Flow characteristics of surfactant solutions have been experimentally investigated in order to see the possibility to actively control drag reduction by wall heating. Rheological measurements of drag reducing surfactant solutions were made to examine thermal effects of the fluid properties. The surfactant used was Cetyltrimethyl ammonium chloride (CTAC), a cationic surfactant. It was found that a drastic decrease of apparent viscosity appears at a micellar shape transition temperature. This characteristic implies the possibility of controlling drag reducing flow through heating. A plane two dimensional channel equipped with a wall heater element was employed and LDV measurements were made to estimate the heating effect on the flow field. Two components of turbulent fluctuation intensity, u' and v' and Reynolds shear stress are presented. Based on this, modification of turbulence features by heating are discussed.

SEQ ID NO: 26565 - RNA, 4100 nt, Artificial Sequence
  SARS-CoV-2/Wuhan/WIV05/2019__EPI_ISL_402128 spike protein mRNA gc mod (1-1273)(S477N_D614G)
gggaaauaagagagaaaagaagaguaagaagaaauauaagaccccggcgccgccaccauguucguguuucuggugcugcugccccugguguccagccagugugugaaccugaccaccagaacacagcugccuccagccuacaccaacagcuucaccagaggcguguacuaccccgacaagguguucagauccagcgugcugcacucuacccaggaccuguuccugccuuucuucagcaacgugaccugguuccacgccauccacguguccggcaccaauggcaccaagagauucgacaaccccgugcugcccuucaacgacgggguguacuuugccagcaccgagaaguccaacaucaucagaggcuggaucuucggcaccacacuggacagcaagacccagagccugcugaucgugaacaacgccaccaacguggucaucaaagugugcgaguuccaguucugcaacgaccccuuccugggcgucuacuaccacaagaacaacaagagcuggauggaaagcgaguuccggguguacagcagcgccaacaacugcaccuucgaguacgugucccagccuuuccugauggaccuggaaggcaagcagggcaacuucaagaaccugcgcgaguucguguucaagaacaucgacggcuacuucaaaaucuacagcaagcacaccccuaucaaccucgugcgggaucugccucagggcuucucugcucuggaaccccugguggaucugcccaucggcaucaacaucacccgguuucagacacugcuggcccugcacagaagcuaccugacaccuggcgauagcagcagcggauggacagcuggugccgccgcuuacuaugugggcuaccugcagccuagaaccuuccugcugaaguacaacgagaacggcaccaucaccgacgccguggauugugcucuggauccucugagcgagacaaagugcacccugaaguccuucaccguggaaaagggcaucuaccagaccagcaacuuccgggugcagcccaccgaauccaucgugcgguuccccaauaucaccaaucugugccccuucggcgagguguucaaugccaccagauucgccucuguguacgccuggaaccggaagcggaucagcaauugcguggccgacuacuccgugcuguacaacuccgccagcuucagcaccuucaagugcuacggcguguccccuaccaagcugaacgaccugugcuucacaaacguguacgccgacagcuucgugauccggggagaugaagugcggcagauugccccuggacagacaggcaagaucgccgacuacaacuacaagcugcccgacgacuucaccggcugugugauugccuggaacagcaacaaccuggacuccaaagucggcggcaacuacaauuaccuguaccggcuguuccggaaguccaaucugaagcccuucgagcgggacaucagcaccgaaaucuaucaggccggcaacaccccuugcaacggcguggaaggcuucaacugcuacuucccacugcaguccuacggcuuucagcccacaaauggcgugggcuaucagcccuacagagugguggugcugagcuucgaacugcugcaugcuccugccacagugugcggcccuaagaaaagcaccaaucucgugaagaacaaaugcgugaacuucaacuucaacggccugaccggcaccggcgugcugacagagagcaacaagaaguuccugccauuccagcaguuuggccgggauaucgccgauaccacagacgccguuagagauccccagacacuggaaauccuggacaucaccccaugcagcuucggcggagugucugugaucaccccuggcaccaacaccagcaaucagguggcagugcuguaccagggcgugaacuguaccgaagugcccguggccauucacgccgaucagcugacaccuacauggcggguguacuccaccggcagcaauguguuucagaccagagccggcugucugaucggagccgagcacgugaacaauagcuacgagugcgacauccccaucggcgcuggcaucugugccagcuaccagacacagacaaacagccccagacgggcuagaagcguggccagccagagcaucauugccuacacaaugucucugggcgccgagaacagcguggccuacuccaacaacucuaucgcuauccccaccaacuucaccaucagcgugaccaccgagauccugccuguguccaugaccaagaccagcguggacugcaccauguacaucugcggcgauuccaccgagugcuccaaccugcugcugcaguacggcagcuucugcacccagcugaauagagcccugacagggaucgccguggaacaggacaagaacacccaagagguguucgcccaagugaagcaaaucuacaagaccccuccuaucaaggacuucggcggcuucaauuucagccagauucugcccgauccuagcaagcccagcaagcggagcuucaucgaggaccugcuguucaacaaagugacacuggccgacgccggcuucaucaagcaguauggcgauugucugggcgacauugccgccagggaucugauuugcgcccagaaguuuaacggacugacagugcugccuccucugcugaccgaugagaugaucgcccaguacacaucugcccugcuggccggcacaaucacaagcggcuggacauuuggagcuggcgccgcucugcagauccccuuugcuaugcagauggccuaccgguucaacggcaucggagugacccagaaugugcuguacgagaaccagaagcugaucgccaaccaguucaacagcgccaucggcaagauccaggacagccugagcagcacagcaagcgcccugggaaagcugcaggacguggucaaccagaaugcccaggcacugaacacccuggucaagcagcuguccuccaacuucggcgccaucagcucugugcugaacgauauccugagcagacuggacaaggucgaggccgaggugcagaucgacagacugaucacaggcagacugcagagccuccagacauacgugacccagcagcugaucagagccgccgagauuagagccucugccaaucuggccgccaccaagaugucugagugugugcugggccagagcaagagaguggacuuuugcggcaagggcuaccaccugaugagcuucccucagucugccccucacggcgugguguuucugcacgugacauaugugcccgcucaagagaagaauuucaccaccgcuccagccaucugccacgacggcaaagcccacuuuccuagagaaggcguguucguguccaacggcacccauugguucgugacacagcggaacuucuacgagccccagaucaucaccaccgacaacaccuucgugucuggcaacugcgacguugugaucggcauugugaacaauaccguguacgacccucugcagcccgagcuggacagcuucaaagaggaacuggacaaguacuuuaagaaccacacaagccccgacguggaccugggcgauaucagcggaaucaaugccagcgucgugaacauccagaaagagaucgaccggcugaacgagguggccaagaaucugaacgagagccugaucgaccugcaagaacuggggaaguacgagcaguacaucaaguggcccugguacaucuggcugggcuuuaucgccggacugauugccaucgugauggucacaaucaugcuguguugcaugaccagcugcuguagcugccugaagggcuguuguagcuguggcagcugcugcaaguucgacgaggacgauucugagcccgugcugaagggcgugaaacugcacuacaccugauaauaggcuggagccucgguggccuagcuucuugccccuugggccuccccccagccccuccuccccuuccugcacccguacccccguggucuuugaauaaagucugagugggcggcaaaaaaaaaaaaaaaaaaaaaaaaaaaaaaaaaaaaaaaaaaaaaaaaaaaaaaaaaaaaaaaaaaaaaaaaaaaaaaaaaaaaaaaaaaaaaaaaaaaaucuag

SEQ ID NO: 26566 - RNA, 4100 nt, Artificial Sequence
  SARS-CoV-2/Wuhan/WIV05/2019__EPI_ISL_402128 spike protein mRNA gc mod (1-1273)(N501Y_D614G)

|Number of pages||6|
|Journal||American Society of Mechanical Engineers, Fluids Engineering Division (Publication) FED|
|Publication status||Published - 1996 Dec 1|
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